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Murdoch $1m donation may not prove bias

Mark Mardell | 16:18 UK time, Wednesday, 18 August 2010

murdoch224x299.jpgMedia tycoon Rupert Murdoch, owner of the Sun and the Times in the UK, Fox and the Wall Street Journal in the States, has given $1m to help Republicans in this year's mid-term elections.

It is raising eyebrows. But should it?

Mr Murdoch uses his wealth and media muscle to promote conservative free market ideas. He's just as well known for backing obvious winners, like Tony Blair in 1997 and Barack Obama in 2008, in hope of access and influence. It largely worked with Blair.

But it hasn't with Mr Obama. His powerful and widely watched Fox News Channel has had a rocky relationship with the White House.

For a time the White House limited Fox journalists' access on the grounds that the channel was more interested in unrelenting propaganda against the Obama administration than in reporting the news. Somewhat tongue-in-cheek, the organisation's self promotion constantly repeats the phrase "fair and balanced".

Now Mr Murdoch's News Corp has given $1m to the Republican Governors Association. Thirty-seven state governorships are up for election in November and more than half of them are hotly contested. The cash injection is much needed.

It is fairly routine for media organisations to give money to the US political parties, but the owners of CBS, ABC and NBC have been relatively even-handed, giving similar amounts to both main parties - and in the realm of thousands of dollars, not millions.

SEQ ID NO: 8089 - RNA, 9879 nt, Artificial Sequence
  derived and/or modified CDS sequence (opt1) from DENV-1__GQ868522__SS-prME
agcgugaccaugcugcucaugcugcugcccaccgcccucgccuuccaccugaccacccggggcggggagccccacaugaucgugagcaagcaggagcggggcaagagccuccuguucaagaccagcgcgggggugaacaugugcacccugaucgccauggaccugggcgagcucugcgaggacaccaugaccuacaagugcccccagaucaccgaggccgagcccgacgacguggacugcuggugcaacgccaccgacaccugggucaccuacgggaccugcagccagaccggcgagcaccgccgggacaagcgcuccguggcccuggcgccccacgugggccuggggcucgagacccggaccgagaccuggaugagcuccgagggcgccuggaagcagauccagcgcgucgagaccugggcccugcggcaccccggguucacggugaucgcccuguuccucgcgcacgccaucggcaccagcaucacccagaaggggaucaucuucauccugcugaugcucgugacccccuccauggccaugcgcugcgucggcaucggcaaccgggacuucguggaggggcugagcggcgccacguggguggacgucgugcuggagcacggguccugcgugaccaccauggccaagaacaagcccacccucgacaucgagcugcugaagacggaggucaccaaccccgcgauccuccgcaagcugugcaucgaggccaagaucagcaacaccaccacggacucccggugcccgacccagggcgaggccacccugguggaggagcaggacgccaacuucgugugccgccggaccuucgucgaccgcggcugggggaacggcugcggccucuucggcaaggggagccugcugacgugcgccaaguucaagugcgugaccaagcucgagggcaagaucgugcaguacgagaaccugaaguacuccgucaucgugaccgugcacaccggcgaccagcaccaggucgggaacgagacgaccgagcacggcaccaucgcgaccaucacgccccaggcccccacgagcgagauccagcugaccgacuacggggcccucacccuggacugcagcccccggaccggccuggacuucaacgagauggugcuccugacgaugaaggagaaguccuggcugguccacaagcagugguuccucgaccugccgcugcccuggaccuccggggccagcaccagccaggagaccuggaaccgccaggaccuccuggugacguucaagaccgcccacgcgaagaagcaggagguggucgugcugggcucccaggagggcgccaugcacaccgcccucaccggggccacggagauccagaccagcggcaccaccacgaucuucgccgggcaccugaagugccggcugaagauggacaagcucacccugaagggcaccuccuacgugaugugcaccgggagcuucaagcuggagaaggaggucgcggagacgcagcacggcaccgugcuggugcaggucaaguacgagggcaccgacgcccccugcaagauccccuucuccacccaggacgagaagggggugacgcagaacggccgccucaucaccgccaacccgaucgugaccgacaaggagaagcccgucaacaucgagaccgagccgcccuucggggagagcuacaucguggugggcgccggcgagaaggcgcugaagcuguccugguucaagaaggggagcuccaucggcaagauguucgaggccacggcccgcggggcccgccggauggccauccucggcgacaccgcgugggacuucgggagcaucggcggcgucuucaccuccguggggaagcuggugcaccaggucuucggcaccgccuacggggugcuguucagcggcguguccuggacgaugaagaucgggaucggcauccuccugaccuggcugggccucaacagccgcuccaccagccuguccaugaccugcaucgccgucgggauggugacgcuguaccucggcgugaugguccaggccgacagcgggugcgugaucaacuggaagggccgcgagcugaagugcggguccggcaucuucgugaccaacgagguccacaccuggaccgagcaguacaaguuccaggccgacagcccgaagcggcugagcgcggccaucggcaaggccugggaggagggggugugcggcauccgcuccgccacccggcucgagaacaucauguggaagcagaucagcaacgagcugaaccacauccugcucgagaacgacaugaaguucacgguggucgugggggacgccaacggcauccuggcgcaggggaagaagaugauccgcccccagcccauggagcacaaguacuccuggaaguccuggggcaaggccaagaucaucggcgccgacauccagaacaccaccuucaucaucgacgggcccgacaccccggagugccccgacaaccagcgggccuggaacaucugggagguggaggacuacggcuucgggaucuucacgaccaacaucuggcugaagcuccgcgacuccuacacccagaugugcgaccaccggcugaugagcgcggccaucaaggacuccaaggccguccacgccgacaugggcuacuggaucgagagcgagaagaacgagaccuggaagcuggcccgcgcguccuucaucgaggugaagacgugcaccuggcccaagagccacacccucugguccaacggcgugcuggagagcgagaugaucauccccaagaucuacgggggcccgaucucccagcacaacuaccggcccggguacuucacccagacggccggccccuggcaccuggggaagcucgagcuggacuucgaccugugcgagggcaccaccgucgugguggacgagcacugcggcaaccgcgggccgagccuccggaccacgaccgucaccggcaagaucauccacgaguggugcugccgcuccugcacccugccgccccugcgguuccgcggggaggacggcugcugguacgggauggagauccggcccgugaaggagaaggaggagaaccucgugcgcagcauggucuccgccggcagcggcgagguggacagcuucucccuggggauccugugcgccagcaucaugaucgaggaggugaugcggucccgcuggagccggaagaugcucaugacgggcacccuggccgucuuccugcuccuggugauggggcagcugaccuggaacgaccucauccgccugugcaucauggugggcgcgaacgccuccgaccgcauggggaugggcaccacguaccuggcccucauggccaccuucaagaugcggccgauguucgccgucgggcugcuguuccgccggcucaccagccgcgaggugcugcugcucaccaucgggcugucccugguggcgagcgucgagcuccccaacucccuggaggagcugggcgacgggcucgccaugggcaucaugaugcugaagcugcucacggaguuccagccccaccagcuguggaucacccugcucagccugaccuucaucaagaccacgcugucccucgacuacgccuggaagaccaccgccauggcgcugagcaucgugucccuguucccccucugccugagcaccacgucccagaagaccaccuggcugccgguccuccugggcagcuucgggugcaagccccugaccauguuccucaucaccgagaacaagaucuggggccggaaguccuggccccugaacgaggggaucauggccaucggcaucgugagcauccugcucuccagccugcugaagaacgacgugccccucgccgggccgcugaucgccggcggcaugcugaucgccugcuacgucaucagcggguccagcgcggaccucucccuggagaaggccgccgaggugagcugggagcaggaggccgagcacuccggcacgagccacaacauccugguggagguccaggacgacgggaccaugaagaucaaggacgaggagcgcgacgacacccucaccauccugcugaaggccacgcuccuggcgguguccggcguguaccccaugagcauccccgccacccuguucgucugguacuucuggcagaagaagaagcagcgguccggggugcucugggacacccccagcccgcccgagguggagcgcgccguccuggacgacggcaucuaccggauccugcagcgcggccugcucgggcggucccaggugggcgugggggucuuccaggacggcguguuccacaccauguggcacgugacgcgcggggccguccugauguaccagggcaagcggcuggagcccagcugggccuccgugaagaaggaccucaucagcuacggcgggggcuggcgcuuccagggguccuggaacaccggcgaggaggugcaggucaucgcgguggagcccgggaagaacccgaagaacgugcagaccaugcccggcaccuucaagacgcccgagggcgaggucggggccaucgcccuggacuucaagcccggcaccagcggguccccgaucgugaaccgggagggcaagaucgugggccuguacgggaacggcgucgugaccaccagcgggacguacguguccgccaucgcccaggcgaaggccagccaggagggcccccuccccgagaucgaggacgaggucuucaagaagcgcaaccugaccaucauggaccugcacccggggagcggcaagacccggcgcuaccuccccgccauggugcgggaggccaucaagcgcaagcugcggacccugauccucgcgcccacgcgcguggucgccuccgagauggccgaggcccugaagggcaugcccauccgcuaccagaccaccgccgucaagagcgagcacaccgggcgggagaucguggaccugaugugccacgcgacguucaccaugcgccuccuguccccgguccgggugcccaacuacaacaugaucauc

Perhaps Mr Murdoch has been more fair and balanced than appears at first sight. Certainly Democrats believe that he has handed them a gift: proof positive that Fox is biased. But I doubt that this interpretation will make much difference to the viewers of the most avidly watched cable news channel, who either know exactly what they are watching or believe that as it reflects their views it must be neutral.

In an excellent article, John B Judas argues that populism is a deep current in American politics and that it need not only be a tool of the right. But at the moment it is and Fox does popular outrage better than the competition.

By the way, while I've been writing this I have been watching Fox for the last hour and there is no mention so far of this story. But they are carrying an Obama speech and a question-and-answer session live and without interruption.

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